The right way to clean your riding gear
While dumping your gear into a washing machine may be the simplest way, it isn’t the most ideal
Riding gear can be broadly classified into two categories — mesh and/or textile, and leather — with two very different approaches to how they should be cleaned. In this guide, we are going to run through the basics of cleaning for both.
Our riding conditions and temperatures mean that textile/mesh riding gear is more commonly used than leather. The conditions also mean that they are going to pick up dust, dirt and grime a lot quicker than you would like. So to keep them clean and prolong their life, here is what you need to do.
While dumping your gear into a washing machine may be the simplest way to clean it, it isn’t the most ideal. Your riding gear will have a tag sewn on to the inner lining and that will tell you the best way to go about washing your gear — hand or machine-washed — and what kind of substances you should refrain from using. To keep your gear in great shape, it is best you follow these instructions.
Remove the armour
Irrespective of whether your gear is about to be hand-washed or machine-washed, the first step is to remove the armour — shoulder, elbow, knee and hip inserts — from their inner pockets. If this is your first time cleaning your gear, you can mark the inserts, so it is easier when you have to put them back. Then, empty the other pockets and close all the zippers. Sometimes, the armour cannot be removed, so in that case, just wash the gear as is.
Clean out tough spots
Examine the exterior of your gear and look for any spots or grime. Use a clean, damp cloth to wipe off any such marks. You may have to repeat this step a few times. If it is a tough stain, use a mild detergent and a soft toothbrush. Bug stains can be particularly hard to deal with as they disintegrate into the fabric. If you are satisfied with how clean your gear is after this step, use a damp cloth to clean the detergent from the fabric.
Washing the gear
Like we mentioned in the first step, you have to follow the instructions that the manufacturer has provided. But just like with every rule, there are a few exceptions. Some washing machines are capable of a very gentle wash cycle and that may be even better than you scrubbing the gear down in a tub. Put your gear in the machine and use a light detergent that does not contain bleach or a fabric softener as these can damage the fabric. Baby shampoo does the trick too! You also have to make sure that you do not let the machine dry the gear.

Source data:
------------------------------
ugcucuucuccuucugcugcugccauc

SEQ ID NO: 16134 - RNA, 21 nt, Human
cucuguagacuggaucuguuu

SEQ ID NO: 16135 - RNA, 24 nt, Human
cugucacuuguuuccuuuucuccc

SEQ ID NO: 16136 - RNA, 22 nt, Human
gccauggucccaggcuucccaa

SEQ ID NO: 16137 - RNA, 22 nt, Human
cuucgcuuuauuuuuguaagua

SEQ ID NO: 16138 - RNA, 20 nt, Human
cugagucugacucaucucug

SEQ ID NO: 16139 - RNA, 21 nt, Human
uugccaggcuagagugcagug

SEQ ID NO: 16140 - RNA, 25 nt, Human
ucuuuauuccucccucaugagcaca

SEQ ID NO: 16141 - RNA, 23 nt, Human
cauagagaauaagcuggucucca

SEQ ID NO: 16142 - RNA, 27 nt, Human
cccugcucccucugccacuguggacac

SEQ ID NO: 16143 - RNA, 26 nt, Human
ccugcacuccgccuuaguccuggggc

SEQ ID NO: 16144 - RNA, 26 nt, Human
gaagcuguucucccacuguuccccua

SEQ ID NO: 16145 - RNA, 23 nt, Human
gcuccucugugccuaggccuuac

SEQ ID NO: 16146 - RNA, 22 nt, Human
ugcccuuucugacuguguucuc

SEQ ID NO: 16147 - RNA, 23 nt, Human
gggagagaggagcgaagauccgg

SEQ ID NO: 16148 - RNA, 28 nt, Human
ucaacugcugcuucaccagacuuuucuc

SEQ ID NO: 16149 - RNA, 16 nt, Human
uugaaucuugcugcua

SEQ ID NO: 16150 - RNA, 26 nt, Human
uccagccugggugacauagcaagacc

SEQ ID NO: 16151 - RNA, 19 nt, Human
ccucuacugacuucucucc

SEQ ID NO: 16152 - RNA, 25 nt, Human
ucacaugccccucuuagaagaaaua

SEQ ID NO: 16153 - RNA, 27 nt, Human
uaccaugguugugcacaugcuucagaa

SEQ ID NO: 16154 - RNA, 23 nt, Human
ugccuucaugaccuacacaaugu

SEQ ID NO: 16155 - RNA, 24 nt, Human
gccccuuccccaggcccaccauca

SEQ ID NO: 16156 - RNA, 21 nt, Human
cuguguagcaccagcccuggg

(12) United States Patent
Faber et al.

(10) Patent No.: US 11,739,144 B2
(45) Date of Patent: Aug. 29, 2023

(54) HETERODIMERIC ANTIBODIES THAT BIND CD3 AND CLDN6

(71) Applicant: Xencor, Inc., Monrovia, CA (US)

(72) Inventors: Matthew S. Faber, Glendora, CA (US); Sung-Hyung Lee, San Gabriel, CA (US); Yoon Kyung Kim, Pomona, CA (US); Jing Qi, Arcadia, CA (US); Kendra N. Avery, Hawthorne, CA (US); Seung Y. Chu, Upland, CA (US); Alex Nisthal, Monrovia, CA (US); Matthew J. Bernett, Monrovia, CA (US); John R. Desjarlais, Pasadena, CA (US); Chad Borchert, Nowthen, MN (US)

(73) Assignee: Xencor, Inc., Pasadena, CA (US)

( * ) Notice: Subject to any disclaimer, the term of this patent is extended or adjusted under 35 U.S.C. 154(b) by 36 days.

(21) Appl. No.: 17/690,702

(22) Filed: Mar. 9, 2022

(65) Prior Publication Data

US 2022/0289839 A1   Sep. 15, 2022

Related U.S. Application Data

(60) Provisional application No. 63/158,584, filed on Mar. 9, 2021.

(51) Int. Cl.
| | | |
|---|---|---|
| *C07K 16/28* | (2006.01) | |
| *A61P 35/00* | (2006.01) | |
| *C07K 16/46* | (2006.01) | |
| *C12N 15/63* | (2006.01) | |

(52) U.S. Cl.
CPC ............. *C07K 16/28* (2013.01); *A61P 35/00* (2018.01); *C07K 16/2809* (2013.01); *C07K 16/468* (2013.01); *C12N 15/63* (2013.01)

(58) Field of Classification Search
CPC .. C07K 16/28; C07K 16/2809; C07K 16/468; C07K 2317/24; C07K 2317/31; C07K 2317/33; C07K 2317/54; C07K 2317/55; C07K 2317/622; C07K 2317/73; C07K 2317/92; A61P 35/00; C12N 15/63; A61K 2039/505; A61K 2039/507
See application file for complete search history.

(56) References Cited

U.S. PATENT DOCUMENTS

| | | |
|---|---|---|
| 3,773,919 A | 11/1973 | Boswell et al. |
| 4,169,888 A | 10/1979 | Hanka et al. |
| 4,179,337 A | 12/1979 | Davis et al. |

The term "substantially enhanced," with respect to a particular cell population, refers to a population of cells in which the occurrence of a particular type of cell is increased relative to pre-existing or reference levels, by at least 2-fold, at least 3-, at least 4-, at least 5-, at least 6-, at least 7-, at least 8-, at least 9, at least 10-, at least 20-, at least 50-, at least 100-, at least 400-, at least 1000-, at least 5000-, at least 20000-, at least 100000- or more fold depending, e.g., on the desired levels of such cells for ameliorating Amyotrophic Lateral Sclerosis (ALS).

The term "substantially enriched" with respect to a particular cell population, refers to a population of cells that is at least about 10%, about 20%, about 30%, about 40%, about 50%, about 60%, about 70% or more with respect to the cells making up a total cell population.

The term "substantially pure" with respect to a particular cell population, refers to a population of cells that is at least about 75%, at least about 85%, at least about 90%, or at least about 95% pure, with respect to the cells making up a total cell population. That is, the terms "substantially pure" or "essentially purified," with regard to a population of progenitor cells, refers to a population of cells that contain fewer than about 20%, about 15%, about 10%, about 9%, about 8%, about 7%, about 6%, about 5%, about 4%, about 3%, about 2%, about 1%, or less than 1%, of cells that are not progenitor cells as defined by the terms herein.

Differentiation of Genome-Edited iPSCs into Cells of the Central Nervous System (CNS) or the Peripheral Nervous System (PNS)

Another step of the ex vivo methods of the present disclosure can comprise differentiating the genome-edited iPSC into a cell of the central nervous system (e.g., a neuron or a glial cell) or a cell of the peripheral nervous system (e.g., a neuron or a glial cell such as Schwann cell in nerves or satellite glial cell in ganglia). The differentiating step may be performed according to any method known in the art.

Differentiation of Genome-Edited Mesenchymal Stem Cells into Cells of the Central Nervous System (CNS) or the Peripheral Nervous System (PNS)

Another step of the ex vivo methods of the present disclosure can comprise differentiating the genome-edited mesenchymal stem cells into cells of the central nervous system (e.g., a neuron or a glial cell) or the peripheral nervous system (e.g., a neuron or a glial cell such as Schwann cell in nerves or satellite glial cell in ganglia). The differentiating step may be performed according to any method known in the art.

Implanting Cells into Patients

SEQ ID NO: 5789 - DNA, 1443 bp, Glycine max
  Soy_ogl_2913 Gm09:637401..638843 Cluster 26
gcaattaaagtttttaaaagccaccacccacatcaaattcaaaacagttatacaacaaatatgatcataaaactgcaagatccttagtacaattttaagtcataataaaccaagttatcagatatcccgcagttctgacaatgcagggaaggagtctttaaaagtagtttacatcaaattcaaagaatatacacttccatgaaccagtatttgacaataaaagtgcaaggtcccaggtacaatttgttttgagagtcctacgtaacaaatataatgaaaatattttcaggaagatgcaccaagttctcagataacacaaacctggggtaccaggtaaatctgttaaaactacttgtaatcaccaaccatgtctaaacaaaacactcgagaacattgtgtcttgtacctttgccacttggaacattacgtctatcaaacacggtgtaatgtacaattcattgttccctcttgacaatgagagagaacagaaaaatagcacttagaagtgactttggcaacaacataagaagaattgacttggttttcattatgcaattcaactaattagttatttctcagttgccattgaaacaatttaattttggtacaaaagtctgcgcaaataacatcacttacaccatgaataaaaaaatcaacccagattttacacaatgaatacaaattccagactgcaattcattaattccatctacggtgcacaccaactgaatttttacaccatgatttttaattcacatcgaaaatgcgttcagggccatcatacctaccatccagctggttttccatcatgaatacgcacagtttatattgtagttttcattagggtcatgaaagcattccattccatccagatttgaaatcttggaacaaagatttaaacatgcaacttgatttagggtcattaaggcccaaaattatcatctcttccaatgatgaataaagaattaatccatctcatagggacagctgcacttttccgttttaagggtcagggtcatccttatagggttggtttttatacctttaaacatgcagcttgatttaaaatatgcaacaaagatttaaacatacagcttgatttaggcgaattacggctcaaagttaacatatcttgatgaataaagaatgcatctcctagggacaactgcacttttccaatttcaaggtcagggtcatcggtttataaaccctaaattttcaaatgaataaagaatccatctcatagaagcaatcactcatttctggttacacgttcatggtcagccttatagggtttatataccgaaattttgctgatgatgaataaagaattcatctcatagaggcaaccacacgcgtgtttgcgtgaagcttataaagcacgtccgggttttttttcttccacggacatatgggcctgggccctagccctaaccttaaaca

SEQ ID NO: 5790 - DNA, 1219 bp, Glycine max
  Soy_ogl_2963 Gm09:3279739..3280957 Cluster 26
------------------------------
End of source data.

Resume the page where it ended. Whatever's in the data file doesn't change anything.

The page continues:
If hand-washing your gear is your only option, fill a tub with water and mix it with a light detergent. Soak the gear in it for a couple of minutes, and then use a cloth and soft brush to clean out stains. Be gentle on the inner lining and breathable fabric that most riding gear today comes with. Once you are done, rinse the gear in a tub of clear water. Repeat this step until there is no detergent left and the water runs clear when you take the gear out. Once that is done, resist the temptation to wring your gear dry.
Drying your gear
The ideal way to dry your gear is to put it on a hanger and let it air-dry. Do not wring it with your hands and avoid spin-drying it in the washing machine. If you are short of time, the most you can do is to leave it under a fan.
Once it is fully dry, reinsert your armour and liners, and your clean gear is ready to go.
Cleaning leather gear is completely different from cleaning textile gear. Well-looked-after leather does not just mean it stays clean but it also lasts longer.
Cleaning the interiors
If you are lucky, your leather riding jacket, pant or race suit will come with a removable liner that is machine-washable. If so, all you have to do is toss it in for a wash and skip to the second step. If not, sunlight is your best friend. Let your leather gear breathe and air it out in the sun to remove odour after heavy usage. Keeping your leather gear healthy also has a lot to do with how you maintain it. It is best that you let it air out, and do not tuck it away immediately after a ride. This will keep sweat from seeping into the leather or the inner liner. If you can get your hands on a desalter, spray the inside of your leathers with it and let it dry on its own.
Cleaning the exterior
The second step is to get some leather shampoo or leather cleaner and a clean microfibre cloth to remove bug stains and grime. Unlike with textile gear, tossing it into a machine or immersing it in a tub with soapy water will do more harm than good, so be patient and take your time with the cleaning.
The third step is the most important but it is one that many of us tend to overlook. Keeping the leather moisturised will allow it to perform at its best and will also let it stretch better, letting you move around more, thereby improving comfort. Brands that sell leather gear, like Dainese, make their own leather cleaning kits that include a conditioner, and these will be your best bet. You can also use the leather conditioner you would use for your car seats or couch. Apply the conditioner with a clean microfibre cloth and rub it into the leather. Let your piece of gear sit out for a while until the conditioner is absorbed. Follow these steps and your gear should be ready for your next motorcycle ride.
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